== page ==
de la ANES
“Violenta de gen”
– definitia problemei si oficial despre legea 217/2003
(o colectie de info privind problemele cu implementarea legii aici)

tot de la ANES, o stire recenta
Raportul “Discriminare multipla in Romania” (de Cristina Mocanu de la Institutul National de Cercetare Stiintifica in Domeniul Muncii si Protectiei Sociale/Laura Grunberg de la AnA SAF) a fost finalizat si lansat

informatii transmise de c.

h. da detalii despre concluziile raportului pe discriminare multipla aici

Five Colleges Women’s Studies Research Center


A collaborative project of Amherst, Hampshire, Mount Holyoke, and Smith Colleges and the University of Massachusetts, Amherst

The Center invites applications for its RESEARCH ASSOCIATESHIPS for 2008-2009 from scholars and teachers at all levels of the educational system, as well as from artists, community organizers and political activists, both local and international. Associates are provided with offices in our spacious facility, library privileges, and the collegiality of a diverse community of feminists. Research Associate applications are accepted for either a semester or the academic year. The Center supports projects in all disciplines so long as they focus centrally on women or gender. Regular Research Associateships are non-stipendiary. We accept about 15-18 Research Associates per year.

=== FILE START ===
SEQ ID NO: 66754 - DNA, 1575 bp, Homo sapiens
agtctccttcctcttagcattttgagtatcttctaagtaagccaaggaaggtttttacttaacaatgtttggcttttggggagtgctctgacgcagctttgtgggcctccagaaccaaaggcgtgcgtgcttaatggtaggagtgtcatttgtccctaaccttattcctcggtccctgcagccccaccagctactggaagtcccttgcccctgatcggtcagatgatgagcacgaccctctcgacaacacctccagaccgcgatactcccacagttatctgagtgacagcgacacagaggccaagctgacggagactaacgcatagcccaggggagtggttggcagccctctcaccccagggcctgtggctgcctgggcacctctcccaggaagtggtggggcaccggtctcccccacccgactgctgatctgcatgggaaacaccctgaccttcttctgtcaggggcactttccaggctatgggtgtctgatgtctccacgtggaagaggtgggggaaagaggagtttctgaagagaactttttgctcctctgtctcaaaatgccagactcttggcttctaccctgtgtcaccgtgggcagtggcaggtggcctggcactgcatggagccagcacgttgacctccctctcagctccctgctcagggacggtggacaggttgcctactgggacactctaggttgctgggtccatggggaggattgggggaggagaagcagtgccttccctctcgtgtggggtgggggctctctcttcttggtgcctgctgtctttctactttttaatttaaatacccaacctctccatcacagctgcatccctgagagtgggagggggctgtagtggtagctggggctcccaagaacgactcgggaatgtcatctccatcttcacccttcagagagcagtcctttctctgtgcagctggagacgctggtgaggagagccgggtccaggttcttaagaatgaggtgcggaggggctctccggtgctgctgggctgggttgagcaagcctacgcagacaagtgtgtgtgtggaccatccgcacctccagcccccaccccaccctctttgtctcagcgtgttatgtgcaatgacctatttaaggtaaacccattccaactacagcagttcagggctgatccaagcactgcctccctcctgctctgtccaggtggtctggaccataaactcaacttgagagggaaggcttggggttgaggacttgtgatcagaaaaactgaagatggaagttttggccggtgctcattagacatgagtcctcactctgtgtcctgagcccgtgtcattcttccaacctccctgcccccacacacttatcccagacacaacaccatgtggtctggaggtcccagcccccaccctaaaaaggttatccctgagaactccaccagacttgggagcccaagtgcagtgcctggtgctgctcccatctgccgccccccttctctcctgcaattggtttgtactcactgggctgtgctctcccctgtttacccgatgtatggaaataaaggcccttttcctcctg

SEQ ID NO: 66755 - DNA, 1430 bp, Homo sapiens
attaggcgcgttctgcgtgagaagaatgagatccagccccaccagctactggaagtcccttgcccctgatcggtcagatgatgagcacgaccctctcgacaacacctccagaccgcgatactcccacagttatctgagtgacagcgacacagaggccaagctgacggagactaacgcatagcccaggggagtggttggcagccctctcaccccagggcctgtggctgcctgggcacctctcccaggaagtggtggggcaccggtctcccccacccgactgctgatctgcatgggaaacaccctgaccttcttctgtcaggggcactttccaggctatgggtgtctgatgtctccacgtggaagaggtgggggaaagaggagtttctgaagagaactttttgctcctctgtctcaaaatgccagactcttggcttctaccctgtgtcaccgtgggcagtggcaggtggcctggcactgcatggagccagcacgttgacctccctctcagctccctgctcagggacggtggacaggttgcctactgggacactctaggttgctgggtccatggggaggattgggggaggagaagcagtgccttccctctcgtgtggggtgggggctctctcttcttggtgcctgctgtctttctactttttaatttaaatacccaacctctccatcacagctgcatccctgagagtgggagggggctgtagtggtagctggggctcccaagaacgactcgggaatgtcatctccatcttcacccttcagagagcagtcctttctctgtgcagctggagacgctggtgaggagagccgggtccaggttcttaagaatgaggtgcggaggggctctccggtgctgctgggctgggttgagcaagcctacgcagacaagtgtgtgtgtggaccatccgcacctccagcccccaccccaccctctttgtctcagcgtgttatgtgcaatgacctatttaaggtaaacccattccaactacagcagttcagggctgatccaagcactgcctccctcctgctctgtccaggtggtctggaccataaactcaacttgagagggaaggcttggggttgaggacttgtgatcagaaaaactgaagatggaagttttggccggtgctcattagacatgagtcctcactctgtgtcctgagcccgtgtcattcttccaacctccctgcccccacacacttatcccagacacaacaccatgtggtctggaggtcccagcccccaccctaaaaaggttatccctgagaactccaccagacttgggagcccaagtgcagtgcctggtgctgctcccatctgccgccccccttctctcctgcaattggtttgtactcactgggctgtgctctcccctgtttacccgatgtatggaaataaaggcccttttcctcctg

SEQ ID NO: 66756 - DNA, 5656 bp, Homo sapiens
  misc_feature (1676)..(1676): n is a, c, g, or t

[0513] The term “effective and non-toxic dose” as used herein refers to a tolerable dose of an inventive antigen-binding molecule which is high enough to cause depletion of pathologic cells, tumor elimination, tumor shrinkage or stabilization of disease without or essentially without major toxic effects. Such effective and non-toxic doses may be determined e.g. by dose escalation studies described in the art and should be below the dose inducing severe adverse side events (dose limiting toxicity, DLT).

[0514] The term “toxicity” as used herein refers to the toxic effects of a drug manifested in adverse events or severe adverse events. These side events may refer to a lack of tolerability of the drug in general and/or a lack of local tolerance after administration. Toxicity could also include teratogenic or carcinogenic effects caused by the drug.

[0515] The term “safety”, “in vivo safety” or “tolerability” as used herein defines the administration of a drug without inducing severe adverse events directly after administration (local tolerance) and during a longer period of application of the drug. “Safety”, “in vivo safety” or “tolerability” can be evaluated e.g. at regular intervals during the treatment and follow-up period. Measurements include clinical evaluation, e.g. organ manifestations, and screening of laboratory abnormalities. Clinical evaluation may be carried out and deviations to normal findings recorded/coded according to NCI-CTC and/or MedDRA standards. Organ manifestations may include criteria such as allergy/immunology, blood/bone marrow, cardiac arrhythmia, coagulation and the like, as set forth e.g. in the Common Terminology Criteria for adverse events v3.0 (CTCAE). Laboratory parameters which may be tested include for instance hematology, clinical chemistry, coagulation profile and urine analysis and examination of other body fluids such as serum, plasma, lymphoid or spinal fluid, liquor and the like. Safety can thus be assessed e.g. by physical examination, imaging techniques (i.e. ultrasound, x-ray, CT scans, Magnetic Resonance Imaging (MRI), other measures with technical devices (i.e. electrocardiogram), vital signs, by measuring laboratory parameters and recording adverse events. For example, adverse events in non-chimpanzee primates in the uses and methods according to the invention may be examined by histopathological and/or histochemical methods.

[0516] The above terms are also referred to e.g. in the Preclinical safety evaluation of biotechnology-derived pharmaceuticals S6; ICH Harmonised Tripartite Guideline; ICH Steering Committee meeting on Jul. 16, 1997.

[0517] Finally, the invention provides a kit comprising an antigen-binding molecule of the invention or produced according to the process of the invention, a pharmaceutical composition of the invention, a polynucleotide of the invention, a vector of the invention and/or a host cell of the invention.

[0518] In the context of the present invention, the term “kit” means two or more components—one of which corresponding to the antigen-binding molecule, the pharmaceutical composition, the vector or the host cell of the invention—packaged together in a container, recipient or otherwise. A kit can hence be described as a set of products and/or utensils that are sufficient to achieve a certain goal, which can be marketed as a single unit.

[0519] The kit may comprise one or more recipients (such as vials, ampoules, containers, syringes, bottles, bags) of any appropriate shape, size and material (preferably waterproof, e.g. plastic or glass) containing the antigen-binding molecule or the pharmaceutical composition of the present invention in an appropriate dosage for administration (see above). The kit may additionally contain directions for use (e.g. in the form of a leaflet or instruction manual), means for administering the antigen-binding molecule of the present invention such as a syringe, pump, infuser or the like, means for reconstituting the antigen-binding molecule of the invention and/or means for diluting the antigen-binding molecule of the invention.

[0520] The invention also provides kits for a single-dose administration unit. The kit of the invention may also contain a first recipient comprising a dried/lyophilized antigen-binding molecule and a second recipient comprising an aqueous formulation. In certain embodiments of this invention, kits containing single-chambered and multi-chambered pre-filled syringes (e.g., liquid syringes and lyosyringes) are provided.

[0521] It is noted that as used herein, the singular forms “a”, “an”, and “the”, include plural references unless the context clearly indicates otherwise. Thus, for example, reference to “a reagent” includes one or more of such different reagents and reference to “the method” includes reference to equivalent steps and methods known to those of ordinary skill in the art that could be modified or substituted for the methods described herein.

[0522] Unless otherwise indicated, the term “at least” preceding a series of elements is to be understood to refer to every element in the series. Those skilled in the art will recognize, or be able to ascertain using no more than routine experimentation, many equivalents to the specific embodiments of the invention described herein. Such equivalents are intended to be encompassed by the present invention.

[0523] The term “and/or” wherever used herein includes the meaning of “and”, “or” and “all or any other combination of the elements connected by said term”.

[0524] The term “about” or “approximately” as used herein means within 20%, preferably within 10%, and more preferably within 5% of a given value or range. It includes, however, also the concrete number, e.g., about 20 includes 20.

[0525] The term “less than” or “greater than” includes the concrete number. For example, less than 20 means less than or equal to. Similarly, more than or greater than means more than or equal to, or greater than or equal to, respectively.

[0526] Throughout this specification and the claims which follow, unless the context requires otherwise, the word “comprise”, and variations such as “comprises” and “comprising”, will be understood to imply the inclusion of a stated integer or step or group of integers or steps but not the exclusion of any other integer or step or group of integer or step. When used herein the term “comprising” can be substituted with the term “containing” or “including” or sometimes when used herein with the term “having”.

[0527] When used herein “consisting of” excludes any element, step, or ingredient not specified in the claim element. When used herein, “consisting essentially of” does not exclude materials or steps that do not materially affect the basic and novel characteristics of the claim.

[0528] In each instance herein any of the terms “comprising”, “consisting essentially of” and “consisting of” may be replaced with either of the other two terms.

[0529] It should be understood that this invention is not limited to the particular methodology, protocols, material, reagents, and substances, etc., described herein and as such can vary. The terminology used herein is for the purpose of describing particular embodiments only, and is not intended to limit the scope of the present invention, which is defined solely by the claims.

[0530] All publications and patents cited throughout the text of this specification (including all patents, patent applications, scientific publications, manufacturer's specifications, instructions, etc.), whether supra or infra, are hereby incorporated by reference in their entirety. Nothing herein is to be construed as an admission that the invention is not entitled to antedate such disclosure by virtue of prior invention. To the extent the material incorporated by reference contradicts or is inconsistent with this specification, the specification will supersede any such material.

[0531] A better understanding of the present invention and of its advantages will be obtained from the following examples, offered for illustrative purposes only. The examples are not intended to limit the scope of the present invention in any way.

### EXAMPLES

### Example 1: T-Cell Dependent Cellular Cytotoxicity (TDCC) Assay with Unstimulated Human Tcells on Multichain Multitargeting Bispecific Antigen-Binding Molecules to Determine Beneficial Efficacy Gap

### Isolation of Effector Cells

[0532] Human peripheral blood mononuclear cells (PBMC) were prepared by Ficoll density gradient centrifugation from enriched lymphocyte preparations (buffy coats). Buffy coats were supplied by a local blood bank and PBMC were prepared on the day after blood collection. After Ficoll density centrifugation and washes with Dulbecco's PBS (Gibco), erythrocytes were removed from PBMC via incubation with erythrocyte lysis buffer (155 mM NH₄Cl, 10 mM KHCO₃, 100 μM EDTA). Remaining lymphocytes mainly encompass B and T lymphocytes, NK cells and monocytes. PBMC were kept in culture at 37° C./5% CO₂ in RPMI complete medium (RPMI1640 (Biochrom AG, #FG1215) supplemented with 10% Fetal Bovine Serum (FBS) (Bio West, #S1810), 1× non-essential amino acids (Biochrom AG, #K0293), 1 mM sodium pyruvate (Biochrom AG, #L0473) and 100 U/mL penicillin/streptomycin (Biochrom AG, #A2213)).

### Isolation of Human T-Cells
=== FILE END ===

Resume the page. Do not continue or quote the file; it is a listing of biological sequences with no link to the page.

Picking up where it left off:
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Call for participation in European female photo exhibition

Tracing love 24/7 engagement
Belgrade, Serbia, June 2008

Exhibition is open for all female photographers.

Send us, please:
• your photos, digital, by e-mail and printed, by mail.
• we need up to 3 photos (in e-mail form, 300 pixels/inch resolution),
• your CV (up to 150 words), and
• your contact (address and phone number).

Photos will be selected by Cultural Centre DEVE, Belgrade, Serbia, and consultants, Ms Marian Bakker and Ms Ditte Wessels from Holland.

Application dead-line is April 1, 2008

All the works that will take part in exhibition will be published in monography Tracing love 24/7 engagement

Our contact:

Katiceva 2
11 000 Beograd

greenham common – the women’s peace camp

“…In December it will be 25 years since the 30,000 joined hands around the perimeter fence of a US army base in Newbury in Berkshire in protest at the proposed siting of cruise missiles there. In the years that followed, a permanent protest was established with groups of women camping outside the base. To make their point they repeatedly blocked the gates, penetrated the base, successfully organised mass demonstrations and generally poured joyful scorn on the authorities’ inability to keep them out or shut them up…” (“All our roads led there”, about the documentary)

more @ the f-word: